Has Internet Video Killed the Television Star?

Peter Roesler, President - Web Marketing Pros

By Peter Roesler

President, Web Marketing Pros

online-video-conceptFor the past 60 years, television has been one of the dominating forces in the lives of Americans. For generations, it served as the most popular access point for news, information, and entertainment. And as such, advertisers could always rely on TV ads as a way to reach just about any demographic besides the Amish.

The internet has slowly eroded the primacy of television as an advertising medium by becoming a faster and more responsive portal for news and information. Now, the internet is starting to seriously challenge TV on video entertainment. This article will look at some recent developments in this area, including the newest research, to answer the question: Has internet video killed the television star?

With faster mobile internet speeds and devices with larger screens, more consumers are watching videos and TV shows online with their smartphones and tablets. According to some estimates, 84 percent of internet users worldwide watch videos online. One reason for the popularity of online video is the reduced amount of time spent watching advertisements. Ads account for 23.2 percent of time spent watching TV in the US, compared to just 5.4 percent for online video.

If one company can be blamed for the current talk of the demise of TV, it’s Netflix. Netflix already decimated the video rental market with streaming movies and seasons of old TV shows. Now the company is making award-winning series such as Orange is the New Black and House of Cards. These are popular shows where advertisers can’t reach the audience with traditional video ads. Even movie theaters have reasons to be wary as the sequel to Crouching Tiger Hidden Dragon will be released on Netflix instead of in theaters.

Besides threatening traditional media outlets with new content, Netflix is quickly becoming the entertainment method of choice for families. Recently, comScore reported that nearly half of households with three or more people subscribe to Netflix.

Online video affects the viewing habits of young adults the most. More than half of millennials watch TV shows on a tablet, desktop computer, or smartphone. The comScore report also found that 17 percent of millennials watch no original TV series on traditional TV sets. And that Americans aged 18-34 are 77 percent more likely than average to live in households that have never had pay TV.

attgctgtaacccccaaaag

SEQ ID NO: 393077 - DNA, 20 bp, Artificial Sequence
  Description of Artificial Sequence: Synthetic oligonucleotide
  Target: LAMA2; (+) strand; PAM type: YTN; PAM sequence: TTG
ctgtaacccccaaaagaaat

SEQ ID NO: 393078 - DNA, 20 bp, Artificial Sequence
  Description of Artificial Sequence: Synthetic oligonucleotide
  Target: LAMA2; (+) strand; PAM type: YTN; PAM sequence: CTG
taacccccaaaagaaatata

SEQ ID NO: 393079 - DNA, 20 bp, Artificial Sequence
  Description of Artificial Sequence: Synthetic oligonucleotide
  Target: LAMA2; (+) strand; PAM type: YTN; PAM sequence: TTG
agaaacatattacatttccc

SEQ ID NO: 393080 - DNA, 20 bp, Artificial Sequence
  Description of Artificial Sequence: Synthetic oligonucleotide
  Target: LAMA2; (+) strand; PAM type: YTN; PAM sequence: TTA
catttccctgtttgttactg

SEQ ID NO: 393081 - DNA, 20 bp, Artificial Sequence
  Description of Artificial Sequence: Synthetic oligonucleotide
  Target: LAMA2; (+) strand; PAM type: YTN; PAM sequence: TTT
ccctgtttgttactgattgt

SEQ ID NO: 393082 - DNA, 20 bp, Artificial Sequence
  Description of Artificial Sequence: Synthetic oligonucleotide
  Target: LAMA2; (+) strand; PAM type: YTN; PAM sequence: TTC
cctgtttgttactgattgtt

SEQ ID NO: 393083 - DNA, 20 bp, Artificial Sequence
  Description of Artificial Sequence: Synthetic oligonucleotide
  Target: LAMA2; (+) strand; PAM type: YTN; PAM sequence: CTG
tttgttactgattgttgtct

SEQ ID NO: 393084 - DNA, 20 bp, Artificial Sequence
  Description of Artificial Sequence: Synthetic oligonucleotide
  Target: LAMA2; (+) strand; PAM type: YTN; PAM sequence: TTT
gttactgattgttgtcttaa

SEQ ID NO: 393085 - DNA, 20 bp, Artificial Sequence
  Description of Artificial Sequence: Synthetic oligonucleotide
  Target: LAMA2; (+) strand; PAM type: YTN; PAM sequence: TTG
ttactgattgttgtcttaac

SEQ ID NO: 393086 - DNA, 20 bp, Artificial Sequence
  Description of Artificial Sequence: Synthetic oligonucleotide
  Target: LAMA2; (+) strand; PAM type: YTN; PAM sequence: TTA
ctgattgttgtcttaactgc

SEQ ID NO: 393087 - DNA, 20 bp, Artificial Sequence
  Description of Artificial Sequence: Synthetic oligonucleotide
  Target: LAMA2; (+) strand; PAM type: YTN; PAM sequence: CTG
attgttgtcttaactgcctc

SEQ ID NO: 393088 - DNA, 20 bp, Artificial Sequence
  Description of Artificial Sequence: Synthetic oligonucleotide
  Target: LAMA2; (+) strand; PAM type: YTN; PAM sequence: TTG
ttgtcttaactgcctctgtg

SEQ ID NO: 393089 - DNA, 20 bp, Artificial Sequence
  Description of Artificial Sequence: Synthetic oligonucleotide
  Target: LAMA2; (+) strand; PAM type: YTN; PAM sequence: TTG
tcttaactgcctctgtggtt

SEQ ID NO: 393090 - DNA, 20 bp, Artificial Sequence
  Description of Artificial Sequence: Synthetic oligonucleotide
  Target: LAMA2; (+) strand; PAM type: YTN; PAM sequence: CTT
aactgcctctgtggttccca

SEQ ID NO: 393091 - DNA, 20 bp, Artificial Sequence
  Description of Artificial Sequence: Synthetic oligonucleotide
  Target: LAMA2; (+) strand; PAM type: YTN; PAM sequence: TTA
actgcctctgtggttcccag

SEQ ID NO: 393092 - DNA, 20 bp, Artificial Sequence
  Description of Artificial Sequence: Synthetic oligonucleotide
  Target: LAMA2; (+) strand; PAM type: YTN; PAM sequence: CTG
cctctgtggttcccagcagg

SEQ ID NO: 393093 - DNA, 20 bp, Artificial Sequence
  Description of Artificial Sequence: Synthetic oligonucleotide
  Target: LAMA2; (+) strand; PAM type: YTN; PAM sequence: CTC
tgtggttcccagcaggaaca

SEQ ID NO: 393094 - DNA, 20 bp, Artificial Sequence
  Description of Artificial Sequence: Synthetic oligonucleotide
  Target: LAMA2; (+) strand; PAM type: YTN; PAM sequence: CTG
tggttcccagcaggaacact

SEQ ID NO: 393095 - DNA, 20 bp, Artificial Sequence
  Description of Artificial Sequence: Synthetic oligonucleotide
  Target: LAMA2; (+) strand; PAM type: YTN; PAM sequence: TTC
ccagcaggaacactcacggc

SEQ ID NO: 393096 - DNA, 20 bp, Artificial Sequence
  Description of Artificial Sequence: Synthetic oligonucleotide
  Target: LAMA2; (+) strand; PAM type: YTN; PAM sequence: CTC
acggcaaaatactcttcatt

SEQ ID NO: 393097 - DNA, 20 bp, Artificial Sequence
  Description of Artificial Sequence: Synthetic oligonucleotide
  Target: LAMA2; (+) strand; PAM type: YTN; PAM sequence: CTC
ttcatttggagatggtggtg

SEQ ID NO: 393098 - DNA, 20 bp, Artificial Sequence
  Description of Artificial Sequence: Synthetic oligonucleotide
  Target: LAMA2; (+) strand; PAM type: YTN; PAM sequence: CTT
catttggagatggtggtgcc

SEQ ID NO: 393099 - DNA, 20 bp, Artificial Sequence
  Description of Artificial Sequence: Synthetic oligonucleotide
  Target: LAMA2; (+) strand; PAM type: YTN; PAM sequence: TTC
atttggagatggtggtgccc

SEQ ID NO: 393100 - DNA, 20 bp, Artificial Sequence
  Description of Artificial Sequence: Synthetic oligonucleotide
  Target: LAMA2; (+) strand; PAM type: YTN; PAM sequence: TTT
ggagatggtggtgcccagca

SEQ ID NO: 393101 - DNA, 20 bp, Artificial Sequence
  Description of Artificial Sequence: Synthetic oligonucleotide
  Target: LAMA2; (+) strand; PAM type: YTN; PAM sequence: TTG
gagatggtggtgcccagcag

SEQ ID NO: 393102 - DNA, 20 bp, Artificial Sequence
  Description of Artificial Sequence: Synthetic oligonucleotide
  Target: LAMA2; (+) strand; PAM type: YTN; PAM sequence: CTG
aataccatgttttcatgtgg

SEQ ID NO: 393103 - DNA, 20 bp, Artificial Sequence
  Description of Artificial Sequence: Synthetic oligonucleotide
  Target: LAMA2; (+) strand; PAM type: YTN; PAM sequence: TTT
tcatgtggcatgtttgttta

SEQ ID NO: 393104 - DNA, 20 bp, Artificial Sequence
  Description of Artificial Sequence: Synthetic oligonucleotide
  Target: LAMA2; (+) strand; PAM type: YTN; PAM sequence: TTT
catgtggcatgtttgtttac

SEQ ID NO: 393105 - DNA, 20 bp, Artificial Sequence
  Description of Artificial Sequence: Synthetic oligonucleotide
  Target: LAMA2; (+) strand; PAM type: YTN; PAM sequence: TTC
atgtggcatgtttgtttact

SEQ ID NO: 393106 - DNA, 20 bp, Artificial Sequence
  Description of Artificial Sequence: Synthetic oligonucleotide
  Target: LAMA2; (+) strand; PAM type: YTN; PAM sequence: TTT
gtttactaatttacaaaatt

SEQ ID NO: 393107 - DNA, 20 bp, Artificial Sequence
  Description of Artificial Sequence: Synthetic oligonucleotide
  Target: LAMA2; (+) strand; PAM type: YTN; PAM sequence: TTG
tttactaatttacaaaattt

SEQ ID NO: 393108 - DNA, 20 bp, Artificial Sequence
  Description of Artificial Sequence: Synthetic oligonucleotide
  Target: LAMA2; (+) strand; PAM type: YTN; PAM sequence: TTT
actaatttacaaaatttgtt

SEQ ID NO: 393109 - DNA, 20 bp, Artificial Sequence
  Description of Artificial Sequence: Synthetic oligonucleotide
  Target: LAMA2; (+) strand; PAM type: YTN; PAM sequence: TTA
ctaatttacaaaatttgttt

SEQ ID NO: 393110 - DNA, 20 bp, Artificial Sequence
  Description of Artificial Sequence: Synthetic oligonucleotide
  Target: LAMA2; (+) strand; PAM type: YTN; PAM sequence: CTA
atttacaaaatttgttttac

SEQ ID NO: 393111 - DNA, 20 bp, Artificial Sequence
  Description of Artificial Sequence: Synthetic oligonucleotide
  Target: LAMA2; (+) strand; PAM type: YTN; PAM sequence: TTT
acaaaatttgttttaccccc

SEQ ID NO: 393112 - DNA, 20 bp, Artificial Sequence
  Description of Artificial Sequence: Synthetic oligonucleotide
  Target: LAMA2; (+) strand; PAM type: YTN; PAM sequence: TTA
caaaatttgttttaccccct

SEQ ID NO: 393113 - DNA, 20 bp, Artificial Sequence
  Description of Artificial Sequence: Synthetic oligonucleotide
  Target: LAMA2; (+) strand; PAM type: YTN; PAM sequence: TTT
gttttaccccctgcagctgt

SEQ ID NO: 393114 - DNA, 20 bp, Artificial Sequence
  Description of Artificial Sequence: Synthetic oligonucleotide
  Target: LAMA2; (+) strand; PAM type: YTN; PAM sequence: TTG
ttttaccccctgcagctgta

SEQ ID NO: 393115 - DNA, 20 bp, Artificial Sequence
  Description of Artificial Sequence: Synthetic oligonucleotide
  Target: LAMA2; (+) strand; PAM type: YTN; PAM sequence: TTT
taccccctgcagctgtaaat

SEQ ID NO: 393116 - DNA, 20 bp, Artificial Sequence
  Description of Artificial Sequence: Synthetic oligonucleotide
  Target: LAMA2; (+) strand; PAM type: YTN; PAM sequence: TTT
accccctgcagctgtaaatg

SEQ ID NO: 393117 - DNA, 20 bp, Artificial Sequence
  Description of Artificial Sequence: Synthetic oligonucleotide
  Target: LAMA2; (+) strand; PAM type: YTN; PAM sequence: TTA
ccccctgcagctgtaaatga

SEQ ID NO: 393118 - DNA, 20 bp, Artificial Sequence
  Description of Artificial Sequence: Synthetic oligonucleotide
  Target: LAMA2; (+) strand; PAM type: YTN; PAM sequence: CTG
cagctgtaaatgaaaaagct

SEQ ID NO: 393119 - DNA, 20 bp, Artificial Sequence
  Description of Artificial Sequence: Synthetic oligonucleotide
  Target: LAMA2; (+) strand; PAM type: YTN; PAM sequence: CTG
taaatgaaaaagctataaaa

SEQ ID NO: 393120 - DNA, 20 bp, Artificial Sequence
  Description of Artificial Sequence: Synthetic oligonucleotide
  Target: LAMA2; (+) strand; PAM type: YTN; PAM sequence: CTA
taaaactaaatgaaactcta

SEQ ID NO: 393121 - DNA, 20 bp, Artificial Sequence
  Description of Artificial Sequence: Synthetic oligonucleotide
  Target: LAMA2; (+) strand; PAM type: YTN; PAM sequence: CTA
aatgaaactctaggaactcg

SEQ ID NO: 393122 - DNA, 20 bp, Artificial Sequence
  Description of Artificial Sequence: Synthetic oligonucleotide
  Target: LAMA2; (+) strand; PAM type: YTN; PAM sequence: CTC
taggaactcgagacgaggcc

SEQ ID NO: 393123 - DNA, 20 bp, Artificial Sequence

This isn’t just the work of Netflix. A lot of American consumers watch videos and clips on Facebook and YouTube. The comScore study found that in August of 2014, nearly 23 billion videos were viewed on Facebook and Google sites (including YouTube). There are other sites, like Hulu, which also air TV show. Sites like these (and DVR devices) are the reason why more than a third of Americans watch TV programs at a different time than when they originally aired. This also reduces the effectiveness of traditional TV video ads.

So, has internet video killed the television star? The short answer is no, not yet, though the stars of TV do shine a little less brightly. The comScore study had one stat that made it clear internet video has a long way to go before it dethrones TV. On average, Americans spend a total of 48.2 billion hours watching TV per month, compared to just 1.9 billion for online video. Internet video will grow in importance and marketers should adjust their budgets accordingly. However, it’s likely there will always be some form of television programming and that business owners will be able to reliably find large numbers of their target demographic watching these programs on the air.

Ironically, it’s little like the song that was the basis for this article’s title. Back in 1979, The Buggles had a hit with the song “Video Killed the Radio Star”, which was about the eventual demise of radio. However, here we are 35 years later, and radio (and its stars) are still around. So even as internet video grows in importance, marketers will still need to keep some skin in the game of television advertising. But to ignore the growing audience of internet video is to put a marketing or advertising campaign at a great disadvantage.

For more information, read this article with seven reasons marketers should consider online video ads

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